Some psoriasis patients use herbology as a holistic approach that aims to treat the underlying causes of psoriasis.
A psychological symptom management programme has been reported as being a helpful adjunct to traditional therapies in the management of psoriasis. 
It is possible that Epsom salt may have a positive effect in reducing the effects of psoriasis.
 Historical Treatment
The history of psoriasis is littered with treatments of dubious effectiveness and high toxicity. These treatments received brief popularity at particular time periods or within certain geographical regions. The application of cat faeces to red lesions on the skin, for example, was one of the earliest topical treatments employed in ancient Egypt. Onions, sea salt and urine, goose oil and semen, wasp droppings in sycamore milk, and soup made from vipers have all been reported as being ancient treatments.
In the more recent past Fowler’s solution, which contains a poisonous and carcinogenic arsenic compound, was used by dermatologists as a treatment for psoriasis during the 18th and 19th centuries. Grenz Rays (also called ultrasoft X-rays or Bucky rays) was a popular treatment of psoriasis during the middle of the 20th century. This type of therapy was superseded by ultraviolet therapy.
All these treatments have fallen out of favour.
 Future drug development
Historically, agents used to treat psoriasis were discovered by experimentation or by accident. In contrast, current novel therapeutic agents are designed from a better understanding of the immune processes involved in psoriasis and by the specific targeting of molecular mediators. Examples can be seen in the use of biologics which target T cells and TNF inhibitors. Future innovation should see the creation of additional drugs that refine the targeting of immune-mediators further.
Research into antisense oligonucleotides is in its infancy but carries the potential to provide novel theraputic strategies for treating psoriasis
Find out more information about a psoriasis treatment to treat the different types.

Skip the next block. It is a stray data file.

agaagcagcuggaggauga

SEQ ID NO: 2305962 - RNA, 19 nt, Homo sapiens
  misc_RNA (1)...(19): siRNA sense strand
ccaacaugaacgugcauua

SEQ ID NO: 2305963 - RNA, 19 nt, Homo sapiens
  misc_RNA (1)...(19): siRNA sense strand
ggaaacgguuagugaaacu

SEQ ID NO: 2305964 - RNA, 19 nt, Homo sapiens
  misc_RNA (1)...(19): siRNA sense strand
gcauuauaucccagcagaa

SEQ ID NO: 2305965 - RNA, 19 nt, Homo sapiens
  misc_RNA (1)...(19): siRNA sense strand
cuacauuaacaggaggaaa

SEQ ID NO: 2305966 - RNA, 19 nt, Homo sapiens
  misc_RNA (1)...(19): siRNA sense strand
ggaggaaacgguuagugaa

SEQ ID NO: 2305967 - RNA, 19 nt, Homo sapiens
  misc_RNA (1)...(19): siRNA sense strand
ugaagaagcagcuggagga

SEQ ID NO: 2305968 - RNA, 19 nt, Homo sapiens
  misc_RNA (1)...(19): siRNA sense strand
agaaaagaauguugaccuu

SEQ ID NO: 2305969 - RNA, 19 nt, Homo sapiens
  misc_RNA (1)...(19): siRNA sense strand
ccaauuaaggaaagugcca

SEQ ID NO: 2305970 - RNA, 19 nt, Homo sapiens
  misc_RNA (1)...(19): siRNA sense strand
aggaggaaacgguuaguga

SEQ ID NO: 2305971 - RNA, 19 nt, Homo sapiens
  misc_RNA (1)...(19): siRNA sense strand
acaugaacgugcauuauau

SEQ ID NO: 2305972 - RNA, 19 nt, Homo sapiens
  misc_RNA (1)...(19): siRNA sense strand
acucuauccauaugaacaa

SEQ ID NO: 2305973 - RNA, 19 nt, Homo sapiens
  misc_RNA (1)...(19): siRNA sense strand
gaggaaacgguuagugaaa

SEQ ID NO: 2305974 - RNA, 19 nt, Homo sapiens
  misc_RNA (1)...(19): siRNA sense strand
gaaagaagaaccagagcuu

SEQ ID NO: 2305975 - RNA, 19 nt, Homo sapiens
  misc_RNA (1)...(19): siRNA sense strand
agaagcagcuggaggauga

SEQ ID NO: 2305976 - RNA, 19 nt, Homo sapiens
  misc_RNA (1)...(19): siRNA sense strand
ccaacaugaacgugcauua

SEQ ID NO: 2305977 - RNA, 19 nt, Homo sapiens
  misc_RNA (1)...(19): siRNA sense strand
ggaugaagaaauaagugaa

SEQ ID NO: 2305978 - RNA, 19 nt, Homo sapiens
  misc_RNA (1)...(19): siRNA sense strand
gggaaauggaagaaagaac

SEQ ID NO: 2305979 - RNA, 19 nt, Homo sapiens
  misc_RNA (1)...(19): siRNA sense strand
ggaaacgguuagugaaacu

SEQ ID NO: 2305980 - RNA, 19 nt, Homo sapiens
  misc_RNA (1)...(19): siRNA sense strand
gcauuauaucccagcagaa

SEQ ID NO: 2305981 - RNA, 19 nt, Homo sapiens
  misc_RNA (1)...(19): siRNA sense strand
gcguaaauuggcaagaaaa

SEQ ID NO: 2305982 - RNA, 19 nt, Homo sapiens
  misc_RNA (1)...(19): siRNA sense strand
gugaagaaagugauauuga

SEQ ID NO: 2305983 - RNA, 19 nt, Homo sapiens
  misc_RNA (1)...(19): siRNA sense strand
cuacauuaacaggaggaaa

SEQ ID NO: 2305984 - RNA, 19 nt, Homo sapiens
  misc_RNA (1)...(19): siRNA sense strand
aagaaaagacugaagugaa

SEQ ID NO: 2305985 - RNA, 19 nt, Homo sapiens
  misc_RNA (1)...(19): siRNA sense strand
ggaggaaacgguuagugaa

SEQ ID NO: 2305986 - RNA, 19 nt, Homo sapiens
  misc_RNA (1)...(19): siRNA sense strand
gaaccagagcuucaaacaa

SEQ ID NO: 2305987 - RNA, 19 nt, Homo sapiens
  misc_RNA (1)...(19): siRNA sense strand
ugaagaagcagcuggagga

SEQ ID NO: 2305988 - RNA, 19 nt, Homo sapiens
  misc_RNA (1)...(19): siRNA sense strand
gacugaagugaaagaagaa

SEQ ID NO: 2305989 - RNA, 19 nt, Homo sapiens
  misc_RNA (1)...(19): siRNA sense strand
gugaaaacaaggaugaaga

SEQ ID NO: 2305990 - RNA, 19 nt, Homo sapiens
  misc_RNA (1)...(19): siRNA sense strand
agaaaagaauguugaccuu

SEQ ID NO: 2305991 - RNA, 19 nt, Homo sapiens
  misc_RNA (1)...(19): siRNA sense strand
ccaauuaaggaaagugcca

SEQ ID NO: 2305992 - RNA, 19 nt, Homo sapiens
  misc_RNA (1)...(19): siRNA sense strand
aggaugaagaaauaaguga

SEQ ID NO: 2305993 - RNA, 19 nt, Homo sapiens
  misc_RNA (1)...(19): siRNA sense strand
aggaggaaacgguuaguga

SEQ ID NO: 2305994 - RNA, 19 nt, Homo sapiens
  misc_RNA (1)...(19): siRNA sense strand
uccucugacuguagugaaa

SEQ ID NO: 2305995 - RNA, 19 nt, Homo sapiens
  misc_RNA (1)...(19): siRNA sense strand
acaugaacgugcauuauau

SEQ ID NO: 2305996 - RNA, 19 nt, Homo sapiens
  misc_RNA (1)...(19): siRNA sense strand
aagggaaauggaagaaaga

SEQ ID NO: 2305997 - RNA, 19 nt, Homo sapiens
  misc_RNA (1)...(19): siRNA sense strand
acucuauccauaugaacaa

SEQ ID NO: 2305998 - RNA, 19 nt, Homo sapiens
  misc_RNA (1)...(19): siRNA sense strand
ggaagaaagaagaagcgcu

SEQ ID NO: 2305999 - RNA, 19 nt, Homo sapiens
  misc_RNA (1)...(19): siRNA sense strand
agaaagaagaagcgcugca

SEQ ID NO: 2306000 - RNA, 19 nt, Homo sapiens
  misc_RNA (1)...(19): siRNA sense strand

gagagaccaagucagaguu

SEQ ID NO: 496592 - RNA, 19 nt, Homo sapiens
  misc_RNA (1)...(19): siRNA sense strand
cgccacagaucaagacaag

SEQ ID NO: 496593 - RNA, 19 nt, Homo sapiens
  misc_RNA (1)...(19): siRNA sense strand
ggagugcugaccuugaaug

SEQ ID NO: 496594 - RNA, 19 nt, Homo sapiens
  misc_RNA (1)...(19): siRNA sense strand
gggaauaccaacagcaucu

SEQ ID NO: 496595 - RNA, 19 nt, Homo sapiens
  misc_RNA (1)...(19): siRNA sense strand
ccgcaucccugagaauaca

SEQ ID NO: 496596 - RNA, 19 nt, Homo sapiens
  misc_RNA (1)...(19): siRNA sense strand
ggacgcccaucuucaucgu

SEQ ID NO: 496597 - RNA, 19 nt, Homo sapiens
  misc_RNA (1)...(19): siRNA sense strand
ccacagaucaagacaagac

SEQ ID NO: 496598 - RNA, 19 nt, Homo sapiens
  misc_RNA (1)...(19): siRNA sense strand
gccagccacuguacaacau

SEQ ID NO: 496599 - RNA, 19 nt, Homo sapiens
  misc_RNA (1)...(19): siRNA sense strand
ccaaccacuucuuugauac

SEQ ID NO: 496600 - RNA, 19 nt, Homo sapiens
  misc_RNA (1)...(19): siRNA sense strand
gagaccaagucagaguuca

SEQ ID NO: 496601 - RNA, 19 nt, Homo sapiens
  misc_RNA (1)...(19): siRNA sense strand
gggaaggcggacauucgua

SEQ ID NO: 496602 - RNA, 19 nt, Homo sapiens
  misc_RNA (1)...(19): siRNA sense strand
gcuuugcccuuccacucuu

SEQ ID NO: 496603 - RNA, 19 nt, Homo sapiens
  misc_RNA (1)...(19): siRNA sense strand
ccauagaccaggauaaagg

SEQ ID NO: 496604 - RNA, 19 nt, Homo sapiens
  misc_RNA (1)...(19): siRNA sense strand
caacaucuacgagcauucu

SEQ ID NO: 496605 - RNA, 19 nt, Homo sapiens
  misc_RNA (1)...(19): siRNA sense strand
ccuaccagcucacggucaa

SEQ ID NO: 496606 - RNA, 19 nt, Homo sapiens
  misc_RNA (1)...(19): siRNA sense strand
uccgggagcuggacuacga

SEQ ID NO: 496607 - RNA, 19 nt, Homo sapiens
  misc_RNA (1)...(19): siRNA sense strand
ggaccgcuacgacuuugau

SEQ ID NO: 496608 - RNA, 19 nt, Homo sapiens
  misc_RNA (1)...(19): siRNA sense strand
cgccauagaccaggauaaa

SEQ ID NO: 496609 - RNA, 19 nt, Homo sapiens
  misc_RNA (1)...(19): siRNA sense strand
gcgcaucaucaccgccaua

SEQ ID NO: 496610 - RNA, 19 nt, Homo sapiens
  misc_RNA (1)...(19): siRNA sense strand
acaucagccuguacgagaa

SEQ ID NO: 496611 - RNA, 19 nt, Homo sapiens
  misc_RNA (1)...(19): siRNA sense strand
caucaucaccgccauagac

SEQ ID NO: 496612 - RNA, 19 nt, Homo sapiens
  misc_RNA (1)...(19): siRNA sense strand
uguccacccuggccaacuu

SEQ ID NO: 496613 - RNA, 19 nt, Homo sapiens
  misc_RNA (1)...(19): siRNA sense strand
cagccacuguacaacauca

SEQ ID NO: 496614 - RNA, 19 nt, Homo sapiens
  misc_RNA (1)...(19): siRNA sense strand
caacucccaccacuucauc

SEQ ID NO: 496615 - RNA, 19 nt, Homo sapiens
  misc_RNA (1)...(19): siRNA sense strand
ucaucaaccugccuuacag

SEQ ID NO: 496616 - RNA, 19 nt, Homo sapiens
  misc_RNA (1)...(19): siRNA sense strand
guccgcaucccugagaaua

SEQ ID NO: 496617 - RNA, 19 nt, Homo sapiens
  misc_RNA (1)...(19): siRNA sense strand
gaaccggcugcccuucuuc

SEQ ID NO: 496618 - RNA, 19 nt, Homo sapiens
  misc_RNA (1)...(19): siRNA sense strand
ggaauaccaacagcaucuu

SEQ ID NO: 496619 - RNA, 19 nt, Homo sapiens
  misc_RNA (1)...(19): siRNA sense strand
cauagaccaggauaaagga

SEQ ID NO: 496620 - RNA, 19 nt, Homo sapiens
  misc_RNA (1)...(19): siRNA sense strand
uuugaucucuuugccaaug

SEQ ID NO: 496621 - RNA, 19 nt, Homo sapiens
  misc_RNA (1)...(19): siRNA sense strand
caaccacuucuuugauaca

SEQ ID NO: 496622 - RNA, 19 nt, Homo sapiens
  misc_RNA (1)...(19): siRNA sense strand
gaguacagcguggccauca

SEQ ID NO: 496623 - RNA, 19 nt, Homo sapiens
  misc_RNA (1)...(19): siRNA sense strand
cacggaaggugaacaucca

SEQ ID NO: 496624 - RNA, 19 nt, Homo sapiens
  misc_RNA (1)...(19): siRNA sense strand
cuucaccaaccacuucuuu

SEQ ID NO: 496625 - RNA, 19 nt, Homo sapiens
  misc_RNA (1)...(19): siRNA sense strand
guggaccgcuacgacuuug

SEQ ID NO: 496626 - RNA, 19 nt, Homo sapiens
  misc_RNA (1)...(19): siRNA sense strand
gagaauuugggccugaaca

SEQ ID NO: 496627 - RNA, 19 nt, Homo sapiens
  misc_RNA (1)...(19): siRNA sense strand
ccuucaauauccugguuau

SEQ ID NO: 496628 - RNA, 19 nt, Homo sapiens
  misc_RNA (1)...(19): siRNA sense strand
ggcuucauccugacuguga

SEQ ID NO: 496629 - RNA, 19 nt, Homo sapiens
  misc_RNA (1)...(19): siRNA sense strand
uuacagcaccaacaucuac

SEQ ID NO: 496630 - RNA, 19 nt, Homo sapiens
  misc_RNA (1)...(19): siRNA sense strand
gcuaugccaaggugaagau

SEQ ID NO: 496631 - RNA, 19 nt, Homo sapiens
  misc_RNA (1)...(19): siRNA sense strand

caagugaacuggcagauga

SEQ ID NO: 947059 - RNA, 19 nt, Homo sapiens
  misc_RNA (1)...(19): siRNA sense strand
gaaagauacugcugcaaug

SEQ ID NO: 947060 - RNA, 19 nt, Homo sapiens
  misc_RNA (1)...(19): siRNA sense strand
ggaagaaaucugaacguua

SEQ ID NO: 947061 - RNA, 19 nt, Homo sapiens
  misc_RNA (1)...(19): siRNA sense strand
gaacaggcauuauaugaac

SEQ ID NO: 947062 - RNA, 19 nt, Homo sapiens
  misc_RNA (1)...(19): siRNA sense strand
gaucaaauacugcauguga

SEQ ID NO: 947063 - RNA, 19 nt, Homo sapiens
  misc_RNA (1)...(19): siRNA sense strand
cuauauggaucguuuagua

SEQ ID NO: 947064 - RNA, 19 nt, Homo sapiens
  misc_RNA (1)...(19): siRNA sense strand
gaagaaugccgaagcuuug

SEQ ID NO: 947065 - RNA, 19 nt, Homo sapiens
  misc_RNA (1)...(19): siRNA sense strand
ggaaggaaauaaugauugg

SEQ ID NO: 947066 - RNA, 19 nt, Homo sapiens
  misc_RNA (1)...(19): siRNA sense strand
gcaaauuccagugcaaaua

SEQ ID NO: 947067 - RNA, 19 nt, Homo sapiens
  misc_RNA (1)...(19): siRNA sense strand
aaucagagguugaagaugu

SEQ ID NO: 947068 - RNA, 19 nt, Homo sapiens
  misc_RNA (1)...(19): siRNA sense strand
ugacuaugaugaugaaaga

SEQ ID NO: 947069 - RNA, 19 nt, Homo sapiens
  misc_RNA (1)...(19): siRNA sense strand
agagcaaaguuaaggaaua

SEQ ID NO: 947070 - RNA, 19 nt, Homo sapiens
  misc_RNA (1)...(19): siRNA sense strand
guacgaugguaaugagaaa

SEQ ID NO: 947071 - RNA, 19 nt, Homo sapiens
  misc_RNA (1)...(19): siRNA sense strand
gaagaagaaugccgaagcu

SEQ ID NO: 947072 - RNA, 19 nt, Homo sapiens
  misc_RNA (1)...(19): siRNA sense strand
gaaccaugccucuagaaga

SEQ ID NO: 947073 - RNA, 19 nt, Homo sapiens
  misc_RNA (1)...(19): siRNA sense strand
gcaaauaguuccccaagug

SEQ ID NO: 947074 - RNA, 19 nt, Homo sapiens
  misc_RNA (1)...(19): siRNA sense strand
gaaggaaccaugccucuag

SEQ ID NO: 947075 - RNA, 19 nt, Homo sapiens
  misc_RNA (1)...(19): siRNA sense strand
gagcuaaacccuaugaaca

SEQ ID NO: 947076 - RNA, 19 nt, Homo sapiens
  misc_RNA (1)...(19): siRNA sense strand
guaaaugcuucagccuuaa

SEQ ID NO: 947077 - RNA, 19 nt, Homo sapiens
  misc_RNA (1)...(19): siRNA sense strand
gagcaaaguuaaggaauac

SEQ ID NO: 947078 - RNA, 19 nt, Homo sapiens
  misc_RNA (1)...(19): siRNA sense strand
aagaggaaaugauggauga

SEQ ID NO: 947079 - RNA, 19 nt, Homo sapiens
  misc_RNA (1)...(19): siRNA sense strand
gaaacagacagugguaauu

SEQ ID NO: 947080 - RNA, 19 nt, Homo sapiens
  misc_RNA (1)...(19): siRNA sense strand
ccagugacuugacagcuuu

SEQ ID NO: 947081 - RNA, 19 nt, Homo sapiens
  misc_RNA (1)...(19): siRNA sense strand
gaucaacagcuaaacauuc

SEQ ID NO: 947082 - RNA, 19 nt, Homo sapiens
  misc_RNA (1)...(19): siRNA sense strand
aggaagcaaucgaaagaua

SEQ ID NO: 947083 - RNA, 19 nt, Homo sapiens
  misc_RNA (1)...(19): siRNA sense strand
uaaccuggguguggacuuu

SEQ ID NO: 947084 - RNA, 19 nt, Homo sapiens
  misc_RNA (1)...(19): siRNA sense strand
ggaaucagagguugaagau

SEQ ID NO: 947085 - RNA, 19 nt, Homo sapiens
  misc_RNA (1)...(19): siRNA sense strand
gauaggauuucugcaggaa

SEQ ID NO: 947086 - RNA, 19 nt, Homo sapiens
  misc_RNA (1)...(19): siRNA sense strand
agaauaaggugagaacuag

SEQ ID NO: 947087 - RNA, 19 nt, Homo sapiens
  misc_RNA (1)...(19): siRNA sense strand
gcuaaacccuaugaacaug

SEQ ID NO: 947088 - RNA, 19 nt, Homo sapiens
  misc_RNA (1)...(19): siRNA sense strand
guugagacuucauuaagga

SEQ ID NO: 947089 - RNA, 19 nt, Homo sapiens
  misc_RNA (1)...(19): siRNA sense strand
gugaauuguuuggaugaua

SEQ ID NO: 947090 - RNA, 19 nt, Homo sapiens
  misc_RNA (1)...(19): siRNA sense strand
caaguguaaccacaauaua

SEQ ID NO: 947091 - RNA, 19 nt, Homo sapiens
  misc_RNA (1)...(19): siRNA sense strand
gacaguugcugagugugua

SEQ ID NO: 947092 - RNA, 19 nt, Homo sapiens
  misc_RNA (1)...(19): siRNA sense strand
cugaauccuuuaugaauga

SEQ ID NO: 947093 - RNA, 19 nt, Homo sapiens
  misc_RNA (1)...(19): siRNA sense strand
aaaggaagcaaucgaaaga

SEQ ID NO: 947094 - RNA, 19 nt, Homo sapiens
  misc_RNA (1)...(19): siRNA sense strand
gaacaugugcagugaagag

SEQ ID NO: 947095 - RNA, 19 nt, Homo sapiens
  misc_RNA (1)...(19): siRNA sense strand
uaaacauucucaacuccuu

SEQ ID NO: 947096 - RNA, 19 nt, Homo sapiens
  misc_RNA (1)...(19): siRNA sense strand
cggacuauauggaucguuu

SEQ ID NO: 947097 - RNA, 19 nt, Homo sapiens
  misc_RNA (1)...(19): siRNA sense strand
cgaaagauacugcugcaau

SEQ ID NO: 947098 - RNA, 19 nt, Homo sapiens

I have psorasis on the bottom of my feet, my thumb, and scalp. It flares up in the winter and usually gets better in the summer. I do not have insurance right now and have been using over the counter meds to help. Does anyone have any suggestions of how they help their psorasis?
I have been using sycilic acid for my foot and vasaline has been working wonders for the drying and cracking.
I have heard that fish oil supplements that are taken daily will help. Has anyone heard of this?
The main cause of psoriasis is overreaction of the immune system. I try to eat healthy food and avoid stress as much as I can in order to prevent flare-ups.
After using number of prescription drugs I’ve turned to the natural treatments.
Now I use herbal remedies from serenaskin.com, which aim at the root of the disease – the immune system, and are steroid-free.
After about 2 weeks of using ointment and spray my skin has been cleared up and now I just continue with anti-psoriasis extract, which controls the immune system. My skin has been clear for months now.
It is the only treatment I have found that provides me complete relief when I use it as directed.
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Psoriasis is not at all a contagious ailment but it is chronic and it is believed to be skin condition that can't be cured and almost four million of Americans are suffering from it. The condition of this ailment sometimes can flare up or shrink magically which can stays for years or months. The main reason of having this problem is unknown. With the right trigger or a combination of factors, a patient can encounter unanticipated flare up. Some general triggering elements that may lead to psoriasis outbreaks are major illnesses or some kind of shock, pain, other illnesses and an excessive amount pressure.